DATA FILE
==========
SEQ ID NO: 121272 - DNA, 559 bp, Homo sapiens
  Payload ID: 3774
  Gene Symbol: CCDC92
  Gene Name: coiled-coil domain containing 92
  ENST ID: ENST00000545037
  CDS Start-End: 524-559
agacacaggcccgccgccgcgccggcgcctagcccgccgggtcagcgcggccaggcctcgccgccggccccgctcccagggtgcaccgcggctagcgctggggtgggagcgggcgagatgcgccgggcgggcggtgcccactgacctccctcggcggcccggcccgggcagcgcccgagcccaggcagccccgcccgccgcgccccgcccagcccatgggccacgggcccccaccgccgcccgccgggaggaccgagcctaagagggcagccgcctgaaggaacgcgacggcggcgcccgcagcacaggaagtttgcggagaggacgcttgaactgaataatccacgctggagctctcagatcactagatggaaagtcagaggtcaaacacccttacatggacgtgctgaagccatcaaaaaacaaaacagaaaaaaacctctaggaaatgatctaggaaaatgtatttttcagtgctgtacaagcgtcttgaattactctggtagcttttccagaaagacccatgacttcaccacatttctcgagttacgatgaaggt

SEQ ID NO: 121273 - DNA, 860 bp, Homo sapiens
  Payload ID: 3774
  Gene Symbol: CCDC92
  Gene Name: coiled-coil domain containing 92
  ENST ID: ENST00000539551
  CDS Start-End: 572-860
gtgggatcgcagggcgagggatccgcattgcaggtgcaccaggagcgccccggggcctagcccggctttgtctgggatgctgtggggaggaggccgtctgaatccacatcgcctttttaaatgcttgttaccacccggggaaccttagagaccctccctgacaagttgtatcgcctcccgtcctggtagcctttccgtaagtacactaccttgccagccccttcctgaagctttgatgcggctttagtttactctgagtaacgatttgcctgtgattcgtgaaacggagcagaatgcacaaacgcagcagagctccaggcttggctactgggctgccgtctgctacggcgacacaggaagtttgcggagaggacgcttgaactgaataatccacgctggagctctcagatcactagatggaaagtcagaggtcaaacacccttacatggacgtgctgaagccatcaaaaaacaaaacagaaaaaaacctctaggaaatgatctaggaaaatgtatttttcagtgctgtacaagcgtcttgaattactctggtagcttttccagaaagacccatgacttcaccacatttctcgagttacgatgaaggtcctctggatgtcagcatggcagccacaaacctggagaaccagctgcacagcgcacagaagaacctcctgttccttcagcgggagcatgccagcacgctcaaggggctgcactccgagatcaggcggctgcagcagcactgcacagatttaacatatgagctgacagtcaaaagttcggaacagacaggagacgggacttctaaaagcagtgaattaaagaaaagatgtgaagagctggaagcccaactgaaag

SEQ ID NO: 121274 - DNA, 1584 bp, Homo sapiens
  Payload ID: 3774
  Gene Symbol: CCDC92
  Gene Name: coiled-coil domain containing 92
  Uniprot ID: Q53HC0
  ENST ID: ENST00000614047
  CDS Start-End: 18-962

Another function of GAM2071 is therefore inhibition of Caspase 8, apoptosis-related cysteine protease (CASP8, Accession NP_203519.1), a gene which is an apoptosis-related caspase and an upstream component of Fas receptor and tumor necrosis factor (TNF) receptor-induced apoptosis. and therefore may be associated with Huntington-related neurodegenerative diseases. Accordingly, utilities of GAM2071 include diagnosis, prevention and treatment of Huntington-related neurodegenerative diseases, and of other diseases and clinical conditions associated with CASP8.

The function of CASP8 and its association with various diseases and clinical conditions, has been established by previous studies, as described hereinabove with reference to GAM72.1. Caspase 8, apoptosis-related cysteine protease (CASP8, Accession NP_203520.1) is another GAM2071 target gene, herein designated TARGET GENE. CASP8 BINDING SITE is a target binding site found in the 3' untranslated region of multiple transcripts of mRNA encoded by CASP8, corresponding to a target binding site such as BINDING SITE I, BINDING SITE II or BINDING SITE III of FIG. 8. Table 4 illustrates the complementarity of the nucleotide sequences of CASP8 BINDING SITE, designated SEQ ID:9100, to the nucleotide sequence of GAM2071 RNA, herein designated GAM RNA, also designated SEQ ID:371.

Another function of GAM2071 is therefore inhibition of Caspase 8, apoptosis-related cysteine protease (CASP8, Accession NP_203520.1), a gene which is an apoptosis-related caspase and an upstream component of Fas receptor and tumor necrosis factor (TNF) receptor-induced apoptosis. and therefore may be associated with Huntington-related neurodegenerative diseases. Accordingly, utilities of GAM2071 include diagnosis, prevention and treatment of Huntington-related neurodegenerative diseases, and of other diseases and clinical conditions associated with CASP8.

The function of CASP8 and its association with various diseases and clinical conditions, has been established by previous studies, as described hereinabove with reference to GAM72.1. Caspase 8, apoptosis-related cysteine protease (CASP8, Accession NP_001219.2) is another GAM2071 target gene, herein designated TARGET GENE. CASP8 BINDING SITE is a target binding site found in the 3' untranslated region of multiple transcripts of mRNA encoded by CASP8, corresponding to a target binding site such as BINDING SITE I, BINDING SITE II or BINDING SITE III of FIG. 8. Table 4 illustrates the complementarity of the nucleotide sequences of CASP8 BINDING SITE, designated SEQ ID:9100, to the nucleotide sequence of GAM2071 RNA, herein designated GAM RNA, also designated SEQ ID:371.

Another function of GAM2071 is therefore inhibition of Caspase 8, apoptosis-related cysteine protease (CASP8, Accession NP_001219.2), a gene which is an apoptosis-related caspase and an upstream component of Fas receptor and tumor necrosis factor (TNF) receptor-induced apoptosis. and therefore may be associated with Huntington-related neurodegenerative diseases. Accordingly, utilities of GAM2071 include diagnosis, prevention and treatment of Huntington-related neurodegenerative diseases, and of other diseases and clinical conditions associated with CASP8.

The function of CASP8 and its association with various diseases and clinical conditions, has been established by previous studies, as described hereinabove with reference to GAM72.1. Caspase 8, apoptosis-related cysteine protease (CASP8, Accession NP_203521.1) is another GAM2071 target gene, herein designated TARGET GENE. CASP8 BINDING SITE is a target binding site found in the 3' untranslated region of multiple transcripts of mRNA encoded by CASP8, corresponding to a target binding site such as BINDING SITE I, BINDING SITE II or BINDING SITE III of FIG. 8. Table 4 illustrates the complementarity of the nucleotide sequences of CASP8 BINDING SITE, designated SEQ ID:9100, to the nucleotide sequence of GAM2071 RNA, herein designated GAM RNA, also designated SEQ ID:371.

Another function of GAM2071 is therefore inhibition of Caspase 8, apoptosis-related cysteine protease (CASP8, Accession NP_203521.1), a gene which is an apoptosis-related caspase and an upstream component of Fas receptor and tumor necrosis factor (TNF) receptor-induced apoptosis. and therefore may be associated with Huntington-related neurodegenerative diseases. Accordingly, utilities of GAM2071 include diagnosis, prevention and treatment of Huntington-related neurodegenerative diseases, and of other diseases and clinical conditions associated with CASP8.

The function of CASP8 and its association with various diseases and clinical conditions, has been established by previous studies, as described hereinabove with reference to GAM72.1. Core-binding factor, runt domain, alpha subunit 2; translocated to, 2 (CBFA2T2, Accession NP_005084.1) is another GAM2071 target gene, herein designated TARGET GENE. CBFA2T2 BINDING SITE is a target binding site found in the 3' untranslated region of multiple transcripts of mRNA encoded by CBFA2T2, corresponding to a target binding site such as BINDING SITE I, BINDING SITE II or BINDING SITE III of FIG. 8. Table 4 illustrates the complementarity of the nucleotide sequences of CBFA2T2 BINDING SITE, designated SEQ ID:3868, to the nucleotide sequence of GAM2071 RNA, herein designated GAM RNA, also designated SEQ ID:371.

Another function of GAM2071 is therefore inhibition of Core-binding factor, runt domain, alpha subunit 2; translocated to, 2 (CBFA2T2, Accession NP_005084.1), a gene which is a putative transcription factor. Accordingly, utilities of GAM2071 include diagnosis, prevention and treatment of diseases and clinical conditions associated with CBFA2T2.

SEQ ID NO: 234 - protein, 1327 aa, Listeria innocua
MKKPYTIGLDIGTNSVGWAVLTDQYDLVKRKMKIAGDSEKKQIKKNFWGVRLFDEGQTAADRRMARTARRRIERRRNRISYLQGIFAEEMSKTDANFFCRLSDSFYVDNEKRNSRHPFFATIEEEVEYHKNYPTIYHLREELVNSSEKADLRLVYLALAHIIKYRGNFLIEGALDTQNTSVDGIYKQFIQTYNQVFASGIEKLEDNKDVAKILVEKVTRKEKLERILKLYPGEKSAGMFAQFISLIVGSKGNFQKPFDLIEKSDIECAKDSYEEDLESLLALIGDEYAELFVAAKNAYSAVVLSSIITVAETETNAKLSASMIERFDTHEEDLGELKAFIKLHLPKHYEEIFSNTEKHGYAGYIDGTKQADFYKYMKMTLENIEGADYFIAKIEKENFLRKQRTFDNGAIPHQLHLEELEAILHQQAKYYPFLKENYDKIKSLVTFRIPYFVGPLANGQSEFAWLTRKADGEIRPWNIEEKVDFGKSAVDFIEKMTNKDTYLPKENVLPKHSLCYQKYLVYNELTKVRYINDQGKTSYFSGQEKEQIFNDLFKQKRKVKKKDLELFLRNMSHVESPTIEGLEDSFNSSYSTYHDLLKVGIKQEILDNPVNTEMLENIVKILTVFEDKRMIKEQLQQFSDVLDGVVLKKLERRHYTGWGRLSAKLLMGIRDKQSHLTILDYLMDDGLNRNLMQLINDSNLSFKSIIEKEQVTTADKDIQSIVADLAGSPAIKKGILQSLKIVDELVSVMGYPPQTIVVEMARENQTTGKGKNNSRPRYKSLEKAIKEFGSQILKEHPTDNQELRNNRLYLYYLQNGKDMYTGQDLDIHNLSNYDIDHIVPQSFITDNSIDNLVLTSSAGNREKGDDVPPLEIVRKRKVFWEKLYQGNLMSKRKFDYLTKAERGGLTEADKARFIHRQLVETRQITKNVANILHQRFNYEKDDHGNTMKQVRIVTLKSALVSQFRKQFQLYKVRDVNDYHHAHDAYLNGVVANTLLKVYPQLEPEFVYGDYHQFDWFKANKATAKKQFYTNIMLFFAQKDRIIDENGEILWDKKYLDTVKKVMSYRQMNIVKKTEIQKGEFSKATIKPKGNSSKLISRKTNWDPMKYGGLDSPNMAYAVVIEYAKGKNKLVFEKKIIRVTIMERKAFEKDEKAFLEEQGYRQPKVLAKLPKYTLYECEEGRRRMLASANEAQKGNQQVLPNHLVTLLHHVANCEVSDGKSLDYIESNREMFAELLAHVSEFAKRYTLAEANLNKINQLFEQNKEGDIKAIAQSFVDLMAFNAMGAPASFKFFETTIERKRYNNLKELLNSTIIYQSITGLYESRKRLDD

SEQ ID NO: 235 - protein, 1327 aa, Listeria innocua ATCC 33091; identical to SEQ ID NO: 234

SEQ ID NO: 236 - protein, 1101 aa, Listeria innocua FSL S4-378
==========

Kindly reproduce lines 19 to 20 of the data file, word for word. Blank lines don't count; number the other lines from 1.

  Uniprot ID: Q53HC0
  ENST ID: ENST00000614047